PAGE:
Following up on last week's post, UNC Votes To Block Law School Civil Rights Clinic From Taking On New Clients: Inside Higher Ed, Banning the Right to Sue:
UNC Board of Governors may bar civil rights center from litigation, raising questions about the role of law schools and academic freedom.
The University of North Carolina School of Law's Center for Civil Rights has long been a thorn in the side of the state government from its perch in Chapel Hill, as it sometimes files and joins in on lawsuits against the state.
The center focuses on cases related to race, housing and education and voting rights. Recent efforts, for example, include involvement in a suit related to accusations of state-sanctioned environmental racism occurring under an allegedly neglectful Department of Environmental Quality.
Now, the system Board of Governors is looking to defang the center, and all centers and institutes at various UNC system institutions, by banning them from filing or joining in lawsuits. Those in favor on the board — appointed by the state legislature and noted for its political leanings and connections to the Republican-controlled body — say it is improper for one part of the state to sue another, and that it’s outside the scope of UNC’s mission for the law school to operate the center. The center, the staff of which is privately funded, has pushed back, saying the legal education and training it provides as it pursues social-justice issues is perfectly in line with UNC’s educational mission.
While that fight plays out, however, a question of academic freedom arises, as some fear the Board of Governors is overreaching its hand in deciding the legal actions that centers and institutes at various colleges and schools at the UNC system can make.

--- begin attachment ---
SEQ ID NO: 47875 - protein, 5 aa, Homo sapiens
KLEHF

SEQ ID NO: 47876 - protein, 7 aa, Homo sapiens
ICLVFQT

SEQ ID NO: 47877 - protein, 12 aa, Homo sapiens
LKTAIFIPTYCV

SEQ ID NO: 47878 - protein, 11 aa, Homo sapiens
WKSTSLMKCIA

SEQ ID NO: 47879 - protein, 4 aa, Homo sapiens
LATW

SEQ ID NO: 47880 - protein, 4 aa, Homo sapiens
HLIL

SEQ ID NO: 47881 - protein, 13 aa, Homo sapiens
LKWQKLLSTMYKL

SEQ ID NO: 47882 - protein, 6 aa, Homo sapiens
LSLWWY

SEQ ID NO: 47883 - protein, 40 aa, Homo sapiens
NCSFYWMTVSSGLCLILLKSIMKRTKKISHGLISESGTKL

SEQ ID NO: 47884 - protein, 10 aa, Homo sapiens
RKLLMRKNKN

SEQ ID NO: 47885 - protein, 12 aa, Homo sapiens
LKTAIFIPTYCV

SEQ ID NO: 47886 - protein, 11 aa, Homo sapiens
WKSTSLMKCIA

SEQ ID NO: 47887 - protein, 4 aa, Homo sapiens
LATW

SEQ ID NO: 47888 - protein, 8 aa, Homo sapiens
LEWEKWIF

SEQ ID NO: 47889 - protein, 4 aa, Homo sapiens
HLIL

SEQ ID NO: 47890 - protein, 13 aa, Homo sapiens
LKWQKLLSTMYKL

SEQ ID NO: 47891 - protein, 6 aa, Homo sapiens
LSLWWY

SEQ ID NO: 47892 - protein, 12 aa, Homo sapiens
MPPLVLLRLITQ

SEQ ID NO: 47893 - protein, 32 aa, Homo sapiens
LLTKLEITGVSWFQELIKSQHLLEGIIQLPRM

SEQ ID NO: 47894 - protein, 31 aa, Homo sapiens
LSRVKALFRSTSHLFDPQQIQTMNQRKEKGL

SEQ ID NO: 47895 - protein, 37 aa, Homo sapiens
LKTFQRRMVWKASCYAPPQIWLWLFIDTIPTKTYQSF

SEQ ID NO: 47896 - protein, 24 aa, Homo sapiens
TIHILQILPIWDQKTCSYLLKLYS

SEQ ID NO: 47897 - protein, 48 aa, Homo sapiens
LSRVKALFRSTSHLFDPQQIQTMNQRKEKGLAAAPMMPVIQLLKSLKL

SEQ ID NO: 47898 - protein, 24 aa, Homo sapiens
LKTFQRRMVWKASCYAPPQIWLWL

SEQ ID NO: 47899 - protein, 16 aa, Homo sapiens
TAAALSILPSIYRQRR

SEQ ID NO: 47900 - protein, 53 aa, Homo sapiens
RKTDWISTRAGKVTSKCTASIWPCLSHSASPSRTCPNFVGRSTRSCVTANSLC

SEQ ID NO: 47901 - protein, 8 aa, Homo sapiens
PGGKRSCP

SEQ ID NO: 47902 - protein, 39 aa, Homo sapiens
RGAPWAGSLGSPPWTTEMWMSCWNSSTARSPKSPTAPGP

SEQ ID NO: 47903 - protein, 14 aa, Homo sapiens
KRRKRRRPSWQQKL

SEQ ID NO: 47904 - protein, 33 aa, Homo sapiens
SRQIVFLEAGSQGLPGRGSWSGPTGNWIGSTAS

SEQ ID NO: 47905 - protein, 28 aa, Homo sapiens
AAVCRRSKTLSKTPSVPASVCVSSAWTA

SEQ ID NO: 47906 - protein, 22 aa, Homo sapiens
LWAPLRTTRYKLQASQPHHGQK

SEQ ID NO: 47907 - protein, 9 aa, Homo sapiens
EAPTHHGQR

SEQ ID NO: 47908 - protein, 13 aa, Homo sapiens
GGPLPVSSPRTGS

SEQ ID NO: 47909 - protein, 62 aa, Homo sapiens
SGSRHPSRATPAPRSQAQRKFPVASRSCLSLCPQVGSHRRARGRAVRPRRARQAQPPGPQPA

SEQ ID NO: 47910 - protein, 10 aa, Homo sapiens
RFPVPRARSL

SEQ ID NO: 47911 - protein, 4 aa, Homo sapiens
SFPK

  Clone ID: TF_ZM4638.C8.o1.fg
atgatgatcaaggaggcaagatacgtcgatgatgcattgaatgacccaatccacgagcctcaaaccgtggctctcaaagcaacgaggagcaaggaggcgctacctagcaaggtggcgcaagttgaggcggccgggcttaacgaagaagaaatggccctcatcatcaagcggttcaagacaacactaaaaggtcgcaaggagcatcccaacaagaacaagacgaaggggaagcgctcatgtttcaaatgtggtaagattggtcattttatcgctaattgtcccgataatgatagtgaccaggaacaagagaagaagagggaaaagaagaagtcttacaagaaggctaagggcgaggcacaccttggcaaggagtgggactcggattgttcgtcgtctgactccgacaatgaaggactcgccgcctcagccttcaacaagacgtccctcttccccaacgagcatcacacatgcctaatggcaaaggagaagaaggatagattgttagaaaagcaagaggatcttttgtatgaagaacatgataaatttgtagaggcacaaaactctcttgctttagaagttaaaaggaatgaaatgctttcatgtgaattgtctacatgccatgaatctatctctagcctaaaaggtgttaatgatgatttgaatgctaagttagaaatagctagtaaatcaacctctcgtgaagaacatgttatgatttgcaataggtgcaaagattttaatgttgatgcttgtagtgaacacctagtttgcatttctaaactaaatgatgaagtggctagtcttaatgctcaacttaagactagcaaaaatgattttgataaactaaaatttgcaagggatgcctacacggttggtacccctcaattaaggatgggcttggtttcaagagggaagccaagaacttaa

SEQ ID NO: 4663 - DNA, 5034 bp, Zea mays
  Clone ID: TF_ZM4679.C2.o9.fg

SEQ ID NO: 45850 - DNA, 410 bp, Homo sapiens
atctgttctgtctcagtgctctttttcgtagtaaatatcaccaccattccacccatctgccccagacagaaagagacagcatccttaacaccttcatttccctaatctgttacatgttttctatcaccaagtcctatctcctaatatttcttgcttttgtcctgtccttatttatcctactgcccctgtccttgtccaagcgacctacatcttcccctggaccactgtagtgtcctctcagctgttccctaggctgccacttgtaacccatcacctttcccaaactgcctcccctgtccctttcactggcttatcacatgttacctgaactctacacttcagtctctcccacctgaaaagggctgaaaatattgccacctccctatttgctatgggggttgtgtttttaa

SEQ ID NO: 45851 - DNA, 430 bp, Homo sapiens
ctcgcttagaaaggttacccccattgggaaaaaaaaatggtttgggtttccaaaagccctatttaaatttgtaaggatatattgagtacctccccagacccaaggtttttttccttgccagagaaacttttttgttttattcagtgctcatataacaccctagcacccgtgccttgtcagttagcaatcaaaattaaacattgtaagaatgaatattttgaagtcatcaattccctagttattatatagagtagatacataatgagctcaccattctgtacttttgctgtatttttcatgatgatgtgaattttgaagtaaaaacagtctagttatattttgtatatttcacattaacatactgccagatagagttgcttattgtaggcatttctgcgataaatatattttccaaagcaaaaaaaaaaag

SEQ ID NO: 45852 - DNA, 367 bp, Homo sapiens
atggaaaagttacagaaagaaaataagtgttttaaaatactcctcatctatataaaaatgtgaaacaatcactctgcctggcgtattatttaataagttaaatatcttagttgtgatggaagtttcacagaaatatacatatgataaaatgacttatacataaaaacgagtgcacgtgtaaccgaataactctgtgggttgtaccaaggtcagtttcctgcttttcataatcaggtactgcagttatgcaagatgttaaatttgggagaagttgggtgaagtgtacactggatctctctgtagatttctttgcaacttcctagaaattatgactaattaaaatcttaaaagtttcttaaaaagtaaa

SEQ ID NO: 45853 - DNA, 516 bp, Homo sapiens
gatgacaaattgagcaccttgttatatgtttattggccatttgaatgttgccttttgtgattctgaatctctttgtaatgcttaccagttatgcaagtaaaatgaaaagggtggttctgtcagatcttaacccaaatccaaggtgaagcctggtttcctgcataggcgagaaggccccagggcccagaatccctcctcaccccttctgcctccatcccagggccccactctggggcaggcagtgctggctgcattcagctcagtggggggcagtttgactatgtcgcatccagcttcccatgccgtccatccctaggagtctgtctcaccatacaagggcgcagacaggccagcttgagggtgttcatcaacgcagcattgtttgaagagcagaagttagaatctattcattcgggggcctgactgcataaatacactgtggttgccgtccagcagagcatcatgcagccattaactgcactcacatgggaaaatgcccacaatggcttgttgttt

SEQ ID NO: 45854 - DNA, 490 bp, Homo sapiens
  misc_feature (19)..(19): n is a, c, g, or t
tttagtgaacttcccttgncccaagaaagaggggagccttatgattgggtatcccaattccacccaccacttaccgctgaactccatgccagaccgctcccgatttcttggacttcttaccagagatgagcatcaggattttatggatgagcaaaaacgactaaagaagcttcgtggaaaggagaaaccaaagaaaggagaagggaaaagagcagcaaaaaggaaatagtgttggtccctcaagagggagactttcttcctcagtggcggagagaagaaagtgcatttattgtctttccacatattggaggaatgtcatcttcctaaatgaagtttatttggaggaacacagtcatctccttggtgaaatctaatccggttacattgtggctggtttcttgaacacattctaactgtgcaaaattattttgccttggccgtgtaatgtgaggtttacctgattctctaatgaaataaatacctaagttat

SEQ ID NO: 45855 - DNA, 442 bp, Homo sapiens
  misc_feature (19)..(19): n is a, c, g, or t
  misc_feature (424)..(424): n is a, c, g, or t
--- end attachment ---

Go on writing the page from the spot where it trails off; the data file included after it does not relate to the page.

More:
The litigation ban would apply to any UNC system or center, but, according to local media, the Center for Civil Rights is apparently the only one that currently does any litigation. (Legal clinics would not be affected by the board’s decision.)
The American Association of University Professors, as well as Judith Welch Wegner, one of the law school’s former deans, have come out against the moves by the board, saying they represent a threat to academic freedom.
Prior TaxProf Blog coverage:
- State May Ban UNC Center For Civil Rights From Engaging In Litigation (May 5, 2017)
- More On The Proposal To Ban The UNC Center For Civil Rights From Engaging In Litigation (Mar. 13, 2017)
- Gene Nichol Criticizes 'Nakedly Ideological' Attack On UNC Center For Civil Rights, Calls Out 'Cowardly' Dean, Provost, And Chancellor (Apr. 16, 2017)
- GOP Senate Cuts UNC Law School's Budget 30% As Payback To Liberal Faculty (Especially Gene Nichol), Rankings Slide From 20 (1979) To 39 (2017) (May 22, 2017)
- UNC Law School Alums Rally Against Proposed 'Catastrophic' 30% Budget Cut As Payback To Liberal Faculty (Especially Gene Nichol) (June 10, 2017)
- Newspaper Editorializes Against GOP Senate's 30% Cut To UNC Law School Budget As 'Petty Revenge Politics' Against Gene Nichol (June 15, 2017)
- North Carolina Senate Cuts $3 Million From UNC Law School Budget: 'The Gene Nichol Transfer Amendment'(June 18, 2017)
- House And Senate Agree To Cut North Carolina Law School's Budget 'Only' 4% ($500k), Not 30% ($4m) Sought By Senate (June 21, 2017)
- UNC Votes To Block Law School Civil Rights Clinic From Taking On New Clients (Aug. 2, 2017)